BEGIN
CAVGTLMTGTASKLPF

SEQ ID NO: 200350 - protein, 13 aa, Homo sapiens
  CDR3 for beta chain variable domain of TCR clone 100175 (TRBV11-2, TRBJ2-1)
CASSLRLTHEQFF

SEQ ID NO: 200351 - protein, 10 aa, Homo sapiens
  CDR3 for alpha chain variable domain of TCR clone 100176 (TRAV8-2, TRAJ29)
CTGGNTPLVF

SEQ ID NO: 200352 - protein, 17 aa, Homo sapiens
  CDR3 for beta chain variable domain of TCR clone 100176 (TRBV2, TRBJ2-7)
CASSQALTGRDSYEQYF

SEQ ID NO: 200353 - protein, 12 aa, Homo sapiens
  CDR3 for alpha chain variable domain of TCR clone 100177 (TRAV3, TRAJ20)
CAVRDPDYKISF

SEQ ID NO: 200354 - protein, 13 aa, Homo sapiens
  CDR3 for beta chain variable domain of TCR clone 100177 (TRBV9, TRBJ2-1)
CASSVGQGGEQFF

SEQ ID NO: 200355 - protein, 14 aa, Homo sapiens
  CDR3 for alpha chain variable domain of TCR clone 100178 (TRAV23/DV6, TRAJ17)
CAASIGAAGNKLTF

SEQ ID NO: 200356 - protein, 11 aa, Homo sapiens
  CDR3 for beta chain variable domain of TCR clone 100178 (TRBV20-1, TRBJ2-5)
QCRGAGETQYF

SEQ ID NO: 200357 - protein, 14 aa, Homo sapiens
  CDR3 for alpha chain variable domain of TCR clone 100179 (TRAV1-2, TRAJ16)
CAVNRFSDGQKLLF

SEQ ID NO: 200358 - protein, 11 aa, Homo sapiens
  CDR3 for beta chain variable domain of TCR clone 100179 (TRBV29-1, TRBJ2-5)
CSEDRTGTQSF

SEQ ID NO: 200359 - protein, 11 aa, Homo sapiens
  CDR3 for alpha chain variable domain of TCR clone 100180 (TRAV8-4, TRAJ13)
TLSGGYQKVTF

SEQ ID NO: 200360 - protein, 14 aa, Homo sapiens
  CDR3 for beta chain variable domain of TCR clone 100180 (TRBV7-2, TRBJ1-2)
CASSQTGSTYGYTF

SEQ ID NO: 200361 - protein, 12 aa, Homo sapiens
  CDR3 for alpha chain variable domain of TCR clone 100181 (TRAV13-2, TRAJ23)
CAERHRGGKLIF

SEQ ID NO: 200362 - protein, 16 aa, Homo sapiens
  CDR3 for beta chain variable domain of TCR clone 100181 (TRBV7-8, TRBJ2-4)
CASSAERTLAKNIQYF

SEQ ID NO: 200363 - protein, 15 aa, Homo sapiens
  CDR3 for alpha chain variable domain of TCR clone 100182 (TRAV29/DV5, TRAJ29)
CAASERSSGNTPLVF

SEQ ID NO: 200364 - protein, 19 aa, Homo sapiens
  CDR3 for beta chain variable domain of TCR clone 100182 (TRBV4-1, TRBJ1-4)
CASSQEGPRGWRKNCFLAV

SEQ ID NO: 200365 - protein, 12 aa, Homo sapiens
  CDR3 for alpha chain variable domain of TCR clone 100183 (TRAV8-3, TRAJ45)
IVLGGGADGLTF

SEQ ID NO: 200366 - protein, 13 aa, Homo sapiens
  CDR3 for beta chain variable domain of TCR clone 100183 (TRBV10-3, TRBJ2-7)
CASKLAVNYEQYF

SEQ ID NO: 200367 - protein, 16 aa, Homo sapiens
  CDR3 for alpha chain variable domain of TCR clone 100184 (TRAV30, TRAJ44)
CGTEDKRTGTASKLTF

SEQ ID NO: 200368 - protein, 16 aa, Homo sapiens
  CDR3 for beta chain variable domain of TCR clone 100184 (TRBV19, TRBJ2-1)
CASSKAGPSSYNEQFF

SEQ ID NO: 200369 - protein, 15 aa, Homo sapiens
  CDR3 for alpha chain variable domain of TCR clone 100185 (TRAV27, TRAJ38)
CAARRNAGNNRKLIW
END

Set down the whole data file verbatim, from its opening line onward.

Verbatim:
CAVGTLMTGTASKLPF

SEQ ID NO: 200350 - protein, 13 aa, Homo sapiens
  CDR3 for beta chain variable domain of TCR clone 100175 (TRBV11-2, TRBJ2-1)
CASSLRLTHEQFF

SEQ ID NO: 200351 - protein, 10 aa, Homo sapiens
  CDR3 for alpha chain variable domain of TCR clone 100176 (TRAV8-2, TRAJ29)
CTGGNTPLVF

SEQ ID NO: 200352 - protein, 17 aa, Homo sapiens
  CDR3 for beta chain variable domain of TCR clone 100176 (TRBV2, TRBJ2-7)
CASSQALTGRDSYEQYF

SEQ ID NO: 200353 - protein, 12 aa, Homo sapiens
  CDR3 for alpha chain variable domain of TCR clone 100177 (TRAV3, TRAJ20)
CAVRDPDYKISF

SEQ ID NO: 200354 - protein, 13 aa, Homo sapiens
  CDR3 for beta chain variable domain of TCR clone 100177 (TRBV9, TRBJ2-1)
CASSVGQGGEQFF

SEQ ID NO: 200355 - protein, 14 aa, Homo sapiens
  CDR3 for alpha chain variable domain of TCR clone 100178 (TRAV23/DV6, TRAJ17)
CAASIGAAGNKLTF

SEQ ID NO: 200356 - protein, 11 aa, Homo sapiens
  CDR3 for beta chain variable domain of TCR clone 100178 (TRBV20-1, TRBJ2-5)
QCRGAGETQYF

SEQ ID NO: 200357 - protein, 14 aa, Homo sapiens
  CDR3 for alpha chain variable domain of TCR clone 100179 (TRAV1-2, TRAJ16)
CAVNRFSDGQKLLF

SEQ ID NO: 200358 - protein, 11 aa, Homo sapiens
  CDR3 for beta chain variable domain of TCR clone 100179 (TRBV29-1, TRBJ2-5)
CSEDRTGTQSF

SEQ ID NO: 200359 - protein, 11 aa, Homo sapiens
  CDR3 for alpha chain variable domain of TCR clone 100180 (TRAV8-4, TRAJ13)
TLSGGYQKVTF

SEQ ID NO: 200360 - protein, 14 aa, Homo sapiens
  CDR3 for beta chain variable domain of TCR clone 100180 (TRBV7-2, TRBJ1-2)
CASSQTGSTYGYTF

SEQ ID NO: 200361 - protein, 12 aa, Homo sapiens
  CDR3 for alpha chain variable domain of TCR clone 100181 (TRAV13-2, TRAJ23)
CAERHRGGKLIF

SEQ ID NO: 200362 - protein, 16 aa, Homo sapiens
  CDR3 for beta chain variable domain of TCR clone 100181 (TRBV7-8, TRBJ2-4)
CASSAERTLAKNIQYF

SEQ ID NO: 200363 - protein, 15 aa, Homo sapiens
  CDR3 for alpha chain variable domain of TCR clone 100182 (TRAV29/DV5, TRAJ29)
CAASERSSGNTPLVF

SEQ ID NO: 200364 - protein, 19 aa, Homo sapiens
  CDR3 for beta chain variable domain of TCR clone 100182 (TRBV4-1, TRBJ1-4)
CASSQEGPRGWRKNCFLAV

SEQ ID NO: 200365 - protein, 12 aa, Homo sapiens
  CDR3 for alpha chain variable domain of TCR clone 100183 (TRAV8-3, TRAJ45)
IVLGGGADGLTF

SEQ ID NO: 200366 - protein, 13 aa, Homo sapiens
  CDR3 for beta chain variable domain of TCR clone 100183 (TRBV10-3, TRBJ2-7)
CASKLAVNYEQYF

SEQ ID NO: 200367 - protein, 16 aa, Homo sapiens
  CDR3 for alpha chain variable domain of TCR clone 100184 (TRAV30, TRAJ44)
CGTEDKRTGTASKLTF

SEQ ID NO: 200368 - protein, 16 aa, Homo sapiens
  CDR3 for beta chain variable domain of TCR clone 100184 (TRBV19, TRBJ2-1)
CASSKAGPSSYNEQFF

SEQ ID NO: 200369 - protein, 15 aa, Homo sapiens
  CDR3 for alpha chain variable domain of TCR clone 100185 (TRAV27, TRAJ38)
CAARRNAGNNRKLIW